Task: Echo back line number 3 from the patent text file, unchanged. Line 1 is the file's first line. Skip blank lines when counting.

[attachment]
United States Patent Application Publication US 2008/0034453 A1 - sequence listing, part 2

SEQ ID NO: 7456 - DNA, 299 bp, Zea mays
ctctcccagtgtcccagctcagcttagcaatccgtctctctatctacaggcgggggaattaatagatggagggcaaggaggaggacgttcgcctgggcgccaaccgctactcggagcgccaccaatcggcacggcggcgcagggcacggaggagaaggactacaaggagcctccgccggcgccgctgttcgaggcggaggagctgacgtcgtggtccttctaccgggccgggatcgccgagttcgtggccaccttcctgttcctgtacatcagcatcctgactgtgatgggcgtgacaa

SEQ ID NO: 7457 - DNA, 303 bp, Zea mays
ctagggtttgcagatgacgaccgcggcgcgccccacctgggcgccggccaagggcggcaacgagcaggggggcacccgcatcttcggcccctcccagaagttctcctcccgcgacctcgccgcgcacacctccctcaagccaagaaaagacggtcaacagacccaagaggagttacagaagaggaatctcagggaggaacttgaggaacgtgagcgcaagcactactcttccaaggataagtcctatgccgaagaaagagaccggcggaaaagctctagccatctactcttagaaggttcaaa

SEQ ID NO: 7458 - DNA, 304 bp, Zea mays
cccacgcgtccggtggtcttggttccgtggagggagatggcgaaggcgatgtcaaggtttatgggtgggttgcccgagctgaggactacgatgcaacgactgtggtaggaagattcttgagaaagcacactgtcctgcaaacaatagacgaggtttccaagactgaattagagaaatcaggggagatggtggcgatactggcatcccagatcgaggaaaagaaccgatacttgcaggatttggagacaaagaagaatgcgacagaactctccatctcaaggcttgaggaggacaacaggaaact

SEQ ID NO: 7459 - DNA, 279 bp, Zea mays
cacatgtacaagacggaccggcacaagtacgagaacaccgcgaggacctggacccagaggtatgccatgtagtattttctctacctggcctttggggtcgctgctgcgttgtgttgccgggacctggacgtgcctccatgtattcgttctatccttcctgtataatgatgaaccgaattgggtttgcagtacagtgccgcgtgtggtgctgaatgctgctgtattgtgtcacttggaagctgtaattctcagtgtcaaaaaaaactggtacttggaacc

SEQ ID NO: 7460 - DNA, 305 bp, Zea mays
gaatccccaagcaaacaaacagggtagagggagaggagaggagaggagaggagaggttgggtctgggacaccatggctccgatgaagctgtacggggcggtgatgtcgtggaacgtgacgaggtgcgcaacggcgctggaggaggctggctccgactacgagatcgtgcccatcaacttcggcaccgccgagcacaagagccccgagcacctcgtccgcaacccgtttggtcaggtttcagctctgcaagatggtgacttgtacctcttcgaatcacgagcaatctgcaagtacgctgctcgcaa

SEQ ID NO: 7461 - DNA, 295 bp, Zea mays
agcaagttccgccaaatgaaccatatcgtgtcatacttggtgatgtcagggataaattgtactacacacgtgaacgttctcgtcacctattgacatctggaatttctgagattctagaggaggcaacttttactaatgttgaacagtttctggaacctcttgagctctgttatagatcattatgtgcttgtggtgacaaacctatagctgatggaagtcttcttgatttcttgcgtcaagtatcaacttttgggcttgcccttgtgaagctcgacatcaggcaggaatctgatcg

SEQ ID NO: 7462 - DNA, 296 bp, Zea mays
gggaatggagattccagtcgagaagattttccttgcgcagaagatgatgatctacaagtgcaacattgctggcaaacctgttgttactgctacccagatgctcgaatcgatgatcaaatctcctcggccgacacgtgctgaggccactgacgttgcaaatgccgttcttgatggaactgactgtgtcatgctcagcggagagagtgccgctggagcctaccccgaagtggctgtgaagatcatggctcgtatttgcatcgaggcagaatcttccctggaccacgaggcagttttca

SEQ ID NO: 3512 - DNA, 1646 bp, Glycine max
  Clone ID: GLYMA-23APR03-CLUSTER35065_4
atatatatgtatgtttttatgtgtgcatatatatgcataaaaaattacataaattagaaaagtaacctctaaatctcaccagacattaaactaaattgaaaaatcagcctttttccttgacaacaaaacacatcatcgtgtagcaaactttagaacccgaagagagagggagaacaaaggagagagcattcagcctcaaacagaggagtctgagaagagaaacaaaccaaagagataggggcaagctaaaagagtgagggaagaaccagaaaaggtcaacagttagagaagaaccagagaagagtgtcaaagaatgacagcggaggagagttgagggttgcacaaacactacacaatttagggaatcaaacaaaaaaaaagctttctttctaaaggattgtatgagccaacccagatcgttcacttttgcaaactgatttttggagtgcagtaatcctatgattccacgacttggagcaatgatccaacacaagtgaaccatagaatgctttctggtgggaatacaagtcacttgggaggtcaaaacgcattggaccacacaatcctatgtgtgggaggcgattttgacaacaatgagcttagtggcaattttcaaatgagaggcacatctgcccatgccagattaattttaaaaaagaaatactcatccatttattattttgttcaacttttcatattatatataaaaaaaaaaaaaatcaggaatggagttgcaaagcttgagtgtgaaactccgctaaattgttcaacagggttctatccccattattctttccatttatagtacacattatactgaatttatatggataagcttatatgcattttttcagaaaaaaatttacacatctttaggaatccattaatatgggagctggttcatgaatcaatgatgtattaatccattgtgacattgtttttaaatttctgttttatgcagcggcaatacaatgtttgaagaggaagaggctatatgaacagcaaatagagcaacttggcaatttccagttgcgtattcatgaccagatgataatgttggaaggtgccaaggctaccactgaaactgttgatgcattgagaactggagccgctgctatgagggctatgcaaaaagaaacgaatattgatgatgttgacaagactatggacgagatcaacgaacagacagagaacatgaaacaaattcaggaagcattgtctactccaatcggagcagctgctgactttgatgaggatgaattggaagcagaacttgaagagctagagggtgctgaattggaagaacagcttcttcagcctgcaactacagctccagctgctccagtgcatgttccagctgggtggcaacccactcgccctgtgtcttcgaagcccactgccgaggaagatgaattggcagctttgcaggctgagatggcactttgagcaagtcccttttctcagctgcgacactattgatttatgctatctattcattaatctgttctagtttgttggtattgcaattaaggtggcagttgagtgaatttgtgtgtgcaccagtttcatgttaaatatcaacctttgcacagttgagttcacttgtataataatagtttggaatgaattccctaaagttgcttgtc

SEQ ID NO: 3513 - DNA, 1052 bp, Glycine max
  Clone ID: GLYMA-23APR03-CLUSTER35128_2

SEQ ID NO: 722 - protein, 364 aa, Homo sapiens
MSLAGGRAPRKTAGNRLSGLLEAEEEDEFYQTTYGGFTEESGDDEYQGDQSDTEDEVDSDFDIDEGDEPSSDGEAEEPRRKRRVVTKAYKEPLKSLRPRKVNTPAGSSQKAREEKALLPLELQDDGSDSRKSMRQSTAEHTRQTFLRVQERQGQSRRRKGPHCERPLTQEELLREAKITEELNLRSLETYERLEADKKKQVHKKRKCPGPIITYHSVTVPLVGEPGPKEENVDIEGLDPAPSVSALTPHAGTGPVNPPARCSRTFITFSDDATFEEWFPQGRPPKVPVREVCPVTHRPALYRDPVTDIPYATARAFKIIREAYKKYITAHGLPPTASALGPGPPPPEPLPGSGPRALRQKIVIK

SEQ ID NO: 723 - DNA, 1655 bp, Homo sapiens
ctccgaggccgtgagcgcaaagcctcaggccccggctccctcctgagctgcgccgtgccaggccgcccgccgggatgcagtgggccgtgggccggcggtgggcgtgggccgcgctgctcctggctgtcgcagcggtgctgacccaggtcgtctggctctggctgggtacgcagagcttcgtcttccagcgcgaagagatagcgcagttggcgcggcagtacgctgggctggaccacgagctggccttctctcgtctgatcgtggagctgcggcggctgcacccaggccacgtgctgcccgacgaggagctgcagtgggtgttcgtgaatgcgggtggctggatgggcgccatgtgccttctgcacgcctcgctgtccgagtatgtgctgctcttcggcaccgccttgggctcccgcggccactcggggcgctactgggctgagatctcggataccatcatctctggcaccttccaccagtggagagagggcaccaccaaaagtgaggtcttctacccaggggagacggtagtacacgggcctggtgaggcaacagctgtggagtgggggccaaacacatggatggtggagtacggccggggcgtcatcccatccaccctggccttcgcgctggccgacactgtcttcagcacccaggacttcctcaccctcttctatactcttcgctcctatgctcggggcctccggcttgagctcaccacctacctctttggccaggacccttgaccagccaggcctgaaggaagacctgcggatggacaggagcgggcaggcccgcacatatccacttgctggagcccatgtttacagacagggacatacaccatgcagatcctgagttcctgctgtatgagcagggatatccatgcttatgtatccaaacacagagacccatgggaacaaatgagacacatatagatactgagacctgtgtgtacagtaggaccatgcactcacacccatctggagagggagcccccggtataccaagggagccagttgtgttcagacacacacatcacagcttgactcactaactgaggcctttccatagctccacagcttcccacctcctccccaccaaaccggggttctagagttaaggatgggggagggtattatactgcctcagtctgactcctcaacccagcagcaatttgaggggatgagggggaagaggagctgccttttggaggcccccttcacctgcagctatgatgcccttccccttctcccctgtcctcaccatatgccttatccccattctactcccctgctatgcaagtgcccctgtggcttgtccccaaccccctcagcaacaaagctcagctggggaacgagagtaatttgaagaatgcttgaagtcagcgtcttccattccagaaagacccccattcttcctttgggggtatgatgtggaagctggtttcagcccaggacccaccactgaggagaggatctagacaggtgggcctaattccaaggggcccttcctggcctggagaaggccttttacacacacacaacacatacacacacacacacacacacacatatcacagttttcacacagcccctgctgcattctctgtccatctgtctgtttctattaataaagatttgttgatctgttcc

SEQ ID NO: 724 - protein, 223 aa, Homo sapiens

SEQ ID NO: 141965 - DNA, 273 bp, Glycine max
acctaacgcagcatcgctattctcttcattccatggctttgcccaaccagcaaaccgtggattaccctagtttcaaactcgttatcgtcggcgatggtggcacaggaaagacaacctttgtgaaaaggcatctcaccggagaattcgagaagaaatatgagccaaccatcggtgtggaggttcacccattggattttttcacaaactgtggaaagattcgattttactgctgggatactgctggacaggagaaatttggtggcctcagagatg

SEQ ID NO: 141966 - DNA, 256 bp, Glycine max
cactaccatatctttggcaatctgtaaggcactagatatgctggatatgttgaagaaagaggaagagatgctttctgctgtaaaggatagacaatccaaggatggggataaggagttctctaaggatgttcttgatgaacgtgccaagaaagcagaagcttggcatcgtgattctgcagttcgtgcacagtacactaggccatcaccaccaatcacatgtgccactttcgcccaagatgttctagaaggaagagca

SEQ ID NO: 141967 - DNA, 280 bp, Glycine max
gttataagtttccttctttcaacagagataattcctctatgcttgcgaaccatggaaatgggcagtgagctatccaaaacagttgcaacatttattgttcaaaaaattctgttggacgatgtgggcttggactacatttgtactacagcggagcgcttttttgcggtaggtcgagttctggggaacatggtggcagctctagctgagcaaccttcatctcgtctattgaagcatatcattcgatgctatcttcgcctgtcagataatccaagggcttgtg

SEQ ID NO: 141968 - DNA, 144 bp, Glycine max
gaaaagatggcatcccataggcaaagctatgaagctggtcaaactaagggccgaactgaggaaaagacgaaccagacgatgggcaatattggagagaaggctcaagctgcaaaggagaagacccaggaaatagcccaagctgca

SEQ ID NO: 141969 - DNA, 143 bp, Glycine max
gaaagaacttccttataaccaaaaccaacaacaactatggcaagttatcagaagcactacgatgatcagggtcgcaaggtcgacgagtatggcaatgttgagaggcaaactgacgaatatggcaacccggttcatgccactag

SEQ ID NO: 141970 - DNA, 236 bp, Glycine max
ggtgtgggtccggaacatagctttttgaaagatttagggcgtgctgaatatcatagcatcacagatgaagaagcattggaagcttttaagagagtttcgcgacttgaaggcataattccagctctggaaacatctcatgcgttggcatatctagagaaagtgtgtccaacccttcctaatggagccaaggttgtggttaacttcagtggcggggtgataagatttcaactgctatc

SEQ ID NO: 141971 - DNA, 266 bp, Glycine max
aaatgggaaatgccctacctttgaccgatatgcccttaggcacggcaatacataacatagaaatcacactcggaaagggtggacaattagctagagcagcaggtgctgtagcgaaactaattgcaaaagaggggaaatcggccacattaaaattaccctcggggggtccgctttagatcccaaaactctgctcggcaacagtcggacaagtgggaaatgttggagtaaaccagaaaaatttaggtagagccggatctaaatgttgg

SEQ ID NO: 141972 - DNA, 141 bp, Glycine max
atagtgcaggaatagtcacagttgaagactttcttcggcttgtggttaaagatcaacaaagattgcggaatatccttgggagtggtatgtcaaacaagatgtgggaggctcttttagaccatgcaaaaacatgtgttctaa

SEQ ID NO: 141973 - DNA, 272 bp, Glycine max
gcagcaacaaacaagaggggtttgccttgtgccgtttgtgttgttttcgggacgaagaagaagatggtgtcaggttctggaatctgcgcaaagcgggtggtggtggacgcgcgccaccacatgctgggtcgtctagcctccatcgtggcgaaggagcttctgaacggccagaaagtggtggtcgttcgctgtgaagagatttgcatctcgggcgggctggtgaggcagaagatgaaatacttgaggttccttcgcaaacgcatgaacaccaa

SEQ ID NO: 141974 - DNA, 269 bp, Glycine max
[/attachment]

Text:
ctctcccagtgtcccagctcagcttagcaatccgtctctctatctacaggcgggggaattaatagatggagggcaaggaggaggacgttcgcctgggcgccaaccgctactcggagcgccaccaatcggcacggcggcgcagggcacggaggagaaggactacaaggagcctccgccggcgccgctgttcgaggcggaggagctgacgtcgtggtccttctaccgggccgggatcgccgagttcgtggccaccttcctgttcctgtacatcagcatcctgactgtgatgggcgtgacaa